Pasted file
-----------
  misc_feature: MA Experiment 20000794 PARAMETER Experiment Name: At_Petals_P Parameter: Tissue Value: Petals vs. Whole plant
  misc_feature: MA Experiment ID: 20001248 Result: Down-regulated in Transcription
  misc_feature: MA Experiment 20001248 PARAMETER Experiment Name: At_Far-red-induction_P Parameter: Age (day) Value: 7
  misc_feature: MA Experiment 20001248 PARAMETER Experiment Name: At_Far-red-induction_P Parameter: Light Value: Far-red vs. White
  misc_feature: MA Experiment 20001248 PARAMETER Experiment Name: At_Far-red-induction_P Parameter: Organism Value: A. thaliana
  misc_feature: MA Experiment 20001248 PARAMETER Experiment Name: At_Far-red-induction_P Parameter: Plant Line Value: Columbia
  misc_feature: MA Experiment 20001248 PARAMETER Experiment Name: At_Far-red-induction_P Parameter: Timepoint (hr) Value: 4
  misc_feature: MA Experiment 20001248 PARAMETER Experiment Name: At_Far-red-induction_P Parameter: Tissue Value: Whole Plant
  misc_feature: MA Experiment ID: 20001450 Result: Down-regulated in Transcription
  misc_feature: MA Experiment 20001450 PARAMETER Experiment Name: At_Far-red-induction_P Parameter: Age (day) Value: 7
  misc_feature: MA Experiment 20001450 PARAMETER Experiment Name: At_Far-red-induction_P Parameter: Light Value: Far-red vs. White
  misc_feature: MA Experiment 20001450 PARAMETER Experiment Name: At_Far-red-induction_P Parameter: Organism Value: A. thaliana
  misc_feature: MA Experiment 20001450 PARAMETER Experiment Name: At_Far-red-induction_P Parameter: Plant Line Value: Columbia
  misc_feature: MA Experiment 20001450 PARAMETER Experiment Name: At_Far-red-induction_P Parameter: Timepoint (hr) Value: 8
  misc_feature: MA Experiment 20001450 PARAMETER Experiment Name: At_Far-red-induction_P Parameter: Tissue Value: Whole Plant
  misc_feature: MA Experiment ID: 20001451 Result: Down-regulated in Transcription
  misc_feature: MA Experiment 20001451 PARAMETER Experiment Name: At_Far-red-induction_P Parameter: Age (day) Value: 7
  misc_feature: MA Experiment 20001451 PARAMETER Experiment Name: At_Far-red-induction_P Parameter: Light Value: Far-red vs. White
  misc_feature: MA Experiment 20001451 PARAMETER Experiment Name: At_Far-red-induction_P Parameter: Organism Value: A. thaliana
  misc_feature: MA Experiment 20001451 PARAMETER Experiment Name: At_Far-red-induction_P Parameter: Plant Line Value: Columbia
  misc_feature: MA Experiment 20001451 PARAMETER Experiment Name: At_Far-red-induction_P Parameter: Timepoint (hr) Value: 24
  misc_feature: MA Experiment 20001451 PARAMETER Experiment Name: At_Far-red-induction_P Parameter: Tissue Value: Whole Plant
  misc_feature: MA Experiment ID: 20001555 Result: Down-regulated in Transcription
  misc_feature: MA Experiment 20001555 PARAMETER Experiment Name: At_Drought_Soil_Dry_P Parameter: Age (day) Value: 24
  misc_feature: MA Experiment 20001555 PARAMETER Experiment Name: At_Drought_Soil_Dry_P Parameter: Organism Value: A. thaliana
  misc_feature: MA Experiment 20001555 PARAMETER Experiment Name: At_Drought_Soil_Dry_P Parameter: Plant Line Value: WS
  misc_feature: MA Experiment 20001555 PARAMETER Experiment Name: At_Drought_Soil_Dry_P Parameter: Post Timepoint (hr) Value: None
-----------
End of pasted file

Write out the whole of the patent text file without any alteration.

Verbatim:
  misc_feature: MA Experiment 20000794 PARAMETER Experiment Name: At_Petals_P Parameter: Tissue Value: Petals vs. Whole plant
  misc_feature: MA Experiment ID: 20001248 Result: Down-regulated in Transcription
  misc_feature: MA Experiment 20001248 PARAMETER Experiment Name: At_Far-red-induction_P Parameter: Age (day) Value: 7
  misc_feature: MA Experiment 20001248 PARAMETER Experiment Name: At_Far-red-induction_P Parameter: Light Value: Far-red vs. White
  misc_feature: MA Experiment 20001248 PARAMETER Experiment Name: At_Far-red-induction_P Parameter: Organism Value: A. thaliana
  misc_feature: MA Experiment 20001248 PARAMETER Experiment Name: At_Far-red-induction_P Parameter: Plant Line Value: Columbia
  misc_feature: MA Experiment 20001248 PARAMETER Experiment Name: At_Far-red-induction_P Parameter: Timepoint (hr) Value: 4
  misc_feature: MA Experiment 20001248 PARAMETER Experiment Name: At_Far-red-induction_P Parameter: Tissue Value: Whole Plant
  misc_feature: MA Experiment ID: 20001450 Result: Down-regulated in Transcription
  misc_feature: MA Experiment 20001450 PARAMETER Experiment Name: At_Far-red-induction_P Parameter: Age (day) Value: 7
  misc_feature: MA Experiment 20001450 PARAMETER Experiment Name: At_Far-red-induction_P Parameter: Light Value: Far-red vs. White
  misc_feature: MA Experiment 20001450 PARAMETER Experiment Name: At_Far-red-induction_P Parameter: Organism Value: A. thaliana
  misc_feature: MA Experiment 20001450 PARAMETER Experiment Name: At_Far-red-induction_P Parameter: Plant Line Value: Columbia
  misc_feature: MA Experiment 20001450 PARAMETER Experiment Name: At_Far-red-induction_P Parameter: Timepoint (hr) Value: 8
  misc_feature: MA Experiment 20001450 PARAMETER Experiment Name: At_Far-red-induction_P Parameter: Tissue Value: Whole Plant
  misc_feature: MA Experiment ID: 20001451 Result: Down-regulated in Transcription
  misc_feature: MA Experiment 20001451 PARAMETER Experiment Name: At_Far-red-induction_P Parameter: Age (day) Value: 7
  misc_feature: MA Experiment 20001451 PARAMETER Experiment Name: At_Far-red-induction_P Parameter: Light Value: Far-red vs. White
  misc_feature: MA Experiment 20001451 PARAMETER Experiment Name: At_Far-red-induction_P Parameter: Organism Value: A. thaliana
  misc_feature: MA Experiment 20001451 PARAMETER Experiment Name: At_Far-red-induction_P Parameter: Plant Line Value: Columbia
  misc_feature: MA Experiment 20001451 PARAMETER Experiment Name: At_Far-red-induction_P Parameter: Timepoint (hr) Value: 24
  misc_feature: MA Experiment 20001451 PARAMETER Experiment Name: At_Far-red-induction_P Parameter: Tissue Value: Whole Plant
  misc_feature: MA Experiment ID: 20001555 Result: Down-regulated in Transcription
  misc_feature: MA Experiment 20001555 PARAMETER Experiment Name: At_Drought_Soil_Dry_P Parameter: Age (day) Value: 24
  misc_feature: MA Experiment 20001555 PARAMETER Experiment Name: At_Drought_Soil_Dry_P Parameter: Organism Value: A. thaliana
  misc_feature: MA Experiment 20001555 PARAMETER Experiment Name: At_Drought_Soil_Dry_P Parameter: Plant Line Value: WS
  misc_feature: MA Experiment 20001555 PARAMETER Experiment Name: At_Drought_Soil_Dry_P Parameter: Post Timepoint (hr) Value: None